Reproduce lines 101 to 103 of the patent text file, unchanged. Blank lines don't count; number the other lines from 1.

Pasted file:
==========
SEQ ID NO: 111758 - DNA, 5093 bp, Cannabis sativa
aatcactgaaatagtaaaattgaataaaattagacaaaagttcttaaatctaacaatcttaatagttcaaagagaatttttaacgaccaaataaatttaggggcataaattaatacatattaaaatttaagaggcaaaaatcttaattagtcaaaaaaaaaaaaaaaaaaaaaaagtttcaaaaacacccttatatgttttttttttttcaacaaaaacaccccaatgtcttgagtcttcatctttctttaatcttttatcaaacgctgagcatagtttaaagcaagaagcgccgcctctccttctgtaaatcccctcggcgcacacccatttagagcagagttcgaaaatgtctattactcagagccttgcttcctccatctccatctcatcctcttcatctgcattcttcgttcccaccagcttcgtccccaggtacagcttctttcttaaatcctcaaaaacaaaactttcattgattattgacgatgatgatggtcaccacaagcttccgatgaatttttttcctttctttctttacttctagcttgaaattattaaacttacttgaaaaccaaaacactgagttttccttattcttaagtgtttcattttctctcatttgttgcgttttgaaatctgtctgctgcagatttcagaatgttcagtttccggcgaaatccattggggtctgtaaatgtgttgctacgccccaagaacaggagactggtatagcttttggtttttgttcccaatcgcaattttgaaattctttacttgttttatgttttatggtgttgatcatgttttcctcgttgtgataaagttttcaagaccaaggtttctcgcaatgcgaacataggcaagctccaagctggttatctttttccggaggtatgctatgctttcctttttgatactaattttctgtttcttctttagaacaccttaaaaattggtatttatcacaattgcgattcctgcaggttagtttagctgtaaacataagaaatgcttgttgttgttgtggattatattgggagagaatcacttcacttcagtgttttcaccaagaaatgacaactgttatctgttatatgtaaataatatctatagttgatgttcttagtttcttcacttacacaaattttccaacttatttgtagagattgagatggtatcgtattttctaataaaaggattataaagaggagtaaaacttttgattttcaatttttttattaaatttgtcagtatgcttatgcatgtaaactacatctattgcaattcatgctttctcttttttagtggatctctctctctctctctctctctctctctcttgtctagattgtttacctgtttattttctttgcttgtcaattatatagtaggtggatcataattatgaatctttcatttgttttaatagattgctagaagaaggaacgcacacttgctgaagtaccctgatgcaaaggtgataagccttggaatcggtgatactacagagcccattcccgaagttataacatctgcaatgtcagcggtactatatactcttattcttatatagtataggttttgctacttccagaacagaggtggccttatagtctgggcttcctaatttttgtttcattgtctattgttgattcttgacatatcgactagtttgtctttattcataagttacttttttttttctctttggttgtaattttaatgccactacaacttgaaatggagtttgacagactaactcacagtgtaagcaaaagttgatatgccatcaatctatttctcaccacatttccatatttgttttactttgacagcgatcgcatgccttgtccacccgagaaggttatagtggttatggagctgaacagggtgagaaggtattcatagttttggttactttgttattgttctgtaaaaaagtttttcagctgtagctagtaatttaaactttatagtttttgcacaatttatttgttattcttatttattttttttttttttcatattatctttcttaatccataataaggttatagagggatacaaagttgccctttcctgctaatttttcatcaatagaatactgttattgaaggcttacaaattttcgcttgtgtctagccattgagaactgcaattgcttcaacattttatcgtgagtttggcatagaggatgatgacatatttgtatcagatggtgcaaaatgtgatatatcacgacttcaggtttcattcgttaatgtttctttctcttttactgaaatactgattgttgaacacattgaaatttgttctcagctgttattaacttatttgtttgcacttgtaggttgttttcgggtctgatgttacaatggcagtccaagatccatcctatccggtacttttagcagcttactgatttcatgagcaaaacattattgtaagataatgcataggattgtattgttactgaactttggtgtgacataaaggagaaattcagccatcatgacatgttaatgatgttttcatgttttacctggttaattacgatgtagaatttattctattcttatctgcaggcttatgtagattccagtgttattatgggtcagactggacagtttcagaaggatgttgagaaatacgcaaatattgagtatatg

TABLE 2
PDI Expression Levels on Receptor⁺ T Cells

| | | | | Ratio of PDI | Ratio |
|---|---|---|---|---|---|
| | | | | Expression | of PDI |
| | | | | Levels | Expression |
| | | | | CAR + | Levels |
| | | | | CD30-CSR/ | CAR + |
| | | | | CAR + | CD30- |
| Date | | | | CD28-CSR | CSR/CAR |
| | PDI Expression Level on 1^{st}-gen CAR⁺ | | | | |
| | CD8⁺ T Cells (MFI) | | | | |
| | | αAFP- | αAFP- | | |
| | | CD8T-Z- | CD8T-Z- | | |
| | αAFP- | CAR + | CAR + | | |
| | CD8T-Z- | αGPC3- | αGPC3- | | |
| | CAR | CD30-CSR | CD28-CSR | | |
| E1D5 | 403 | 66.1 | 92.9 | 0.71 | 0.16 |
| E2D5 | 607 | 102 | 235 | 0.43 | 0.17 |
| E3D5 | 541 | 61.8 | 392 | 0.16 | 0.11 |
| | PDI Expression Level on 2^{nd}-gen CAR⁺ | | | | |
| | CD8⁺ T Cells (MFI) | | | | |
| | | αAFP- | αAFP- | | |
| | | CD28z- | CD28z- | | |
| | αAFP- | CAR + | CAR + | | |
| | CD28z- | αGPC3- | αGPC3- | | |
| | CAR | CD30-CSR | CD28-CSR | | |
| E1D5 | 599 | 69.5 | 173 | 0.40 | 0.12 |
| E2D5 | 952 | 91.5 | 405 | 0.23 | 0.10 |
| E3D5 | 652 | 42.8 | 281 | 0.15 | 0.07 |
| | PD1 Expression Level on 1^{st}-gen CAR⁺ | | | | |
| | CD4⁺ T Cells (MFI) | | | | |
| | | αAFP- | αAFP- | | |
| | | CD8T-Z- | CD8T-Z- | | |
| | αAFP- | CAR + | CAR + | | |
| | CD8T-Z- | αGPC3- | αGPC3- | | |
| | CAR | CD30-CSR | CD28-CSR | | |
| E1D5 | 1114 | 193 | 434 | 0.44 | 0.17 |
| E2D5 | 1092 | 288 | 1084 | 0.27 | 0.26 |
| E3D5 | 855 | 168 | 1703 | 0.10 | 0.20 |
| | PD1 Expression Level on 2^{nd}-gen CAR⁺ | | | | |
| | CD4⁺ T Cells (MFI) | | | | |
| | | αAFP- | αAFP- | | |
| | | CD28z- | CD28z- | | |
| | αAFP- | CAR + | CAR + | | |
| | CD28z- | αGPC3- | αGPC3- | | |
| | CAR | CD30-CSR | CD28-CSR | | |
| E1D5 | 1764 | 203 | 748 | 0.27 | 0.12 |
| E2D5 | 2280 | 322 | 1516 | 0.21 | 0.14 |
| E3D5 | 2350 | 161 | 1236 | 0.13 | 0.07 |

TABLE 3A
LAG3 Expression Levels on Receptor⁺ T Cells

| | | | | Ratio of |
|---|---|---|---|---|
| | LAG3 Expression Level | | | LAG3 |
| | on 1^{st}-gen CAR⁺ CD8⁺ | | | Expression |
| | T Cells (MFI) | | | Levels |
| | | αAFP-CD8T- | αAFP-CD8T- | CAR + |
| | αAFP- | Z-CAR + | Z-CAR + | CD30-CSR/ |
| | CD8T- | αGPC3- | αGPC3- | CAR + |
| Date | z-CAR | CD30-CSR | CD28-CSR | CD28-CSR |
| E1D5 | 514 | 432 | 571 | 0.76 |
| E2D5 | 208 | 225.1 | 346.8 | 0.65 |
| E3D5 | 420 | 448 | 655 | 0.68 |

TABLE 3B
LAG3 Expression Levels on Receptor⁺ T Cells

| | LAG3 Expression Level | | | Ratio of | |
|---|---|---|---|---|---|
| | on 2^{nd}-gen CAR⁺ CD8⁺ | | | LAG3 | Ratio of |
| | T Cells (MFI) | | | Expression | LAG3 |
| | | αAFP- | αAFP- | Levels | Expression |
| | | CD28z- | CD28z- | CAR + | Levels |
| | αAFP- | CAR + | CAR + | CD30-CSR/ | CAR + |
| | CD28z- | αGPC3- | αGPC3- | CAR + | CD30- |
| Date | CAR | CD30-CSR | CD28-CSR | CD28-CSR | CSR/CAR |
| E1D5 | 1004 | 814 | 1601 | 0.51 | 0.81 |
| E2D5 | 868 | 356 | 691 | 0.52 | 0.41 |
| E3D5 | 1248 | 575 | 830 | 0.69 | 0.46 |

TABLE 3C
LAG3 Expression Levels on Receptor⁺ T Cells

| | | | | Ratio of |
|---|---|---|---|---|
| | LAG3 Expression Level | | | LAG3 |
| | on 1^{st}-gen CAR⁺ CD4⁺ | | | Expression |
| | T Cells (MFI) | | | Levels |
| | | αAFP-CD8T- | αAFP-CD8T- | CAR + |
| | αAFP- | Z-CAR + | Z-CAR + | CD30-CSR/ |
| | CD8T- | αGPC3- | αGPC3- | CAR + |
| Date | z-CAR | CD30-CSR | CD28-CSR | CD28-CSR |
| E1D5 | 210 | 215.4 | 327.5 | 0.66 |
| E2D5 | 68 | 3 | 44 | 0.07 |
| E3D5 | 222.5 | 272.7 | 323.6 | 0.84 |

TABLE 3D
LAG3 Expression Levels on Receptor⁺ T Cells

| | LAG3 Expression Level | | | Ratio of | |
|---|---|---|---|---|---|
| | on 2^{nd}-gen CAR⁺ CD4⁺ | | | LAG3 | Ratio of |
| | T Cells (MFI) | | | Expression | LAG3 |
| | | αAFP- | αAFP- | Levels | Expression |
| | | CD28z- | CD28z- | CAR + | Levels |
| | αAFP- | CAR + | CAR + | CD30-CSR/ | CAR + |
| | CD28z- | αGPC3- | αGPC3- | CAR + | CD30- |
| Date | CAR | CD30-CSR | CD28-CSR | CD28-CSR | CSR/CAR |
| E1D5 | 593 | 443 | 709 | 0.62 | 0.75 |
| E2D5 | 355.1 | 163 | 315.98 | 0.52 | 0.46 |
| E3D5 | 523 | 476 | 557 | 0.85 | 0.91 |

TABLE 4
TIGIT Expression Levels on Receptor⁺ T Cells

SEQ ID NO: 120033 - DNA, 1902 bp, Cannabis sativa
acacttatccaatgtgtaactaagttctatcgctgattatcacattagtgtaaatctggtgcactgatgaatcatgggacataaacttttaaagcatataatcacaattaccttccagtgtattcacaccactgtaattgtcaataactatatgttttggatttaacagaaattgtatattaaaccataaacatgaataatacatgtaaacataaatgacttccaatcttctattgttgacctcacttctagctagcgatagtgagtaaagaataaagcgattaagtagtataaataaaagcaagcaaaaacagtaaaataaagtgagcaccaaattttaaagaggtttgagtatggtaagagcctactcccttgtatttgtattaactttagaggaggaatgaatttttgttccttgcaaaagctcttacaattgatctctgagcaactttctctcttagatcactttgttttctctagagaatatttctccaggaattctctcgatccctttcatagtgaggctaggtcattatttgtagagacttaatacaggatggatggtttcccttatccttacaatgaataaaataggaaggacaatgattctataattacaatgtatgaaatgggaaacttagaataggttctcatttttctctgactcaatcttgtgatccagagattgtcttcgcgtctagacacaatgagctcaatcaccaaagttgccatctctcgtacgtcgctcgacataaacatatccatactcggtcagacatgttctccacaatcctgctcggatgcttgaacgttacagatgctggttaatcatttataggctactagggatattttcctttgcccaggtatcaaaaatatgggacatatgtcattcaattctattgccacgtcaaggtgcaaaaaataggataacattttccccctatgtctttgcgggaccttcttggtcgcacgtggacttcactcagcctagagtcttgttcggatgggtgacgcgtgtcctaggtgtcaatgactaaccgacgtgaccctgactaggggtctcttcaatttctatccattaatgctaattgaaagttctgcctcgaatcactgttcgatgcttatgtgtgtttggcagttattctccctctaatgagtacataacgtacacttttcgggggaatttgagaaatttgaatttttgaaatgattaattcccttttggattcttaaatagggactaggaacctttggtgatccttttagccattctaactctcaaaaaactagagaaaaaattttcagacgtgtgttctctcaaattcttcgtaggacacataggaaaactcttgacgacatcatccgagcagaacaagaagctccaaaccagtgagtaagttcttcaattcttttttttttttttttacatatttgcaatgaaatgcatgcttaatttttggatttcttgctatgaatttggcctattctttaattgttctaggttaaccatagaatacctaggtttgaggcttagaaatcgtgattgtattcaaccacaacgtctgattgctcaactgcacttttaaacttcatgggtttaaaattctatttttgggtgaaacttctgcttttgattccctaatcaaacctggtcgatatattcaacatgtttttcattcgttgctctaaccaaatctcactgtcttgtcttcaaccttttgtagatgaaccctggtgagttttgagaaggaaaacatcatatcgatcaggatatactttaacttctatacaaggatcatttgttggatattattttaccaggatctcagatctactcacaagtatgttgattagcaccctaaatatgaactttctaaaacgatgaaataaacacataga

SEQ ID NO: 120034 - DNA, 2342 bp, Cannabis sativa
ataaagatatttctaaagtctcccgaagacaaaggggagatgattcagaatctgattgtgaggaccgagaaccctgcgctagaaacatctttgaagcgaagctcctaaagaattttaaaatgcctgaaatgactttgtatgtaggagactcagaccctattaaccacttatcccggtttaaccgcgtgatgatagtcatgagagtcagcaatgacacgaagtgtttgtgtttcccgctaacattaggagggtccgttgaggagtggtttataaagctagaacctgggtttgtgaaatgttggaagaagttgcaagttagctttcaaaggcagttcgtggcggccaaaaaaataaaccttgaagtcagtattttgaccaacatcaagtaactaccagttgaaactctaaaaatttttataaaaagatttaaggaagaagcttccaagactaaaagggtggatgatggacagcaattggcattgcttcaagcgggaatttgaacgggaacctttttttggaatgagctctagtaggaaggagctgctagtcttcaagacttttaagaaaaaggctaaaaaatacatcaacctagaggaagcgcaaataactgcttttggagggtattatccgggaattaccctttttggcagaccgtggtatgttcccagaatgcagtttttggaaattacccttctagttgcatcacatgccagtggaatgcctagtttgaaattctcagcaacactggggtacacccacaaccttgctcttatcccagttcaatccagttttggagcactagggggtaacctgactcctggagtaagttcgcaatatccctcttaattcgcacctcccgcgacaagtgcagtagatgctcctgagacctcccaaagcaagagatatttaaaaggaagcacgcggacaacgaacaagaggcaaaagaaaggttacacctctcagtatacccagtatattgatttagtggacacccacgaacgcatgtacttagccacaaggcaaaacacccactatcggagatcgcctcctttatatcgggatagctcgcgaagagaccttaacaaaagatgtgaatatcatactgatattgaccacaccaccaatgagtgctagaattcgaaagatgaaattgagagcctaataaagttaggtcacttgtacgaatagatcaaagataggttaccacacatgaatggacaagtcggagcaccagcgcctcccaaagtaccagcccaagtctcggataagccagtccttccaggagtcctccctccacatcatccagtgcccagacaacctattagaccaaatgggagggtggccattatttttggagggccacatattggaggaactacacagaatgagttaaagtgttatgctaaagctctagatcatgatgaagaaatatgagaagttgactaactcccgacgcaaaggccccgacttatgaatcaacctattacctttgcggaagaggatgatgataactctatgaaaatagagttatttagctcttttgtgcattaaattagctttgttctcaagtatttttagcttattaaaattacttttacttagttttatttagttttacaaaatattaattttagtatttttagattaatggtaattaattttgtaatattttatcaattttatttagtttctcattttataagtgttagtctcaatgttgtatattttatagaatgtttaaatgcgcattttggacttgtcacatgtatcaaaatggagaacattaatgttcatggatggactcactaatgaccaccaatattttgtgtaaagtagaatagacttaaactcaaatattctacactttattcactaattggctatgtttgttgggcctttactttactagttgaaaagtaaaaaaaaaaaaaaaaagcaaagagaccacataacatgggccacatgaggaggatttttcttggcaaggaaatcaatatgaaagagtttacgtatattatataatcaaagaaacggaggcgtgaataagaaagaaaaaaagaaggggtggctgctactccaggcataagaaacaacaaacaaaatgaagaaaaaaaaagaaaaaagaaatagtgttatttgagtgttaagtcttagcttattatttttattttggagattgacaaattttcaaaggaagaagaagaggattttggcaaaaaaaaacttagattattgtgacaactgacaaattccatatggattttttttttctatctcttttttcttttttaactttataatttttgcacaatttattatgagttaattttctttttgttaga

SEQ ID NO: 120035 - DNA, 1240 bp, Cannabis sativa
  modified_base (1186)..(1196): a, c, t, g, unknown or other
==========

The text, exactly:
| | | αAFP- | αAFP- | Levels | Expression |
| | | CD28z- | CD28z- | CAR + | Levels |
| | αAFP- | CAR + | CAR + | CD30-CSR/ | CAR + |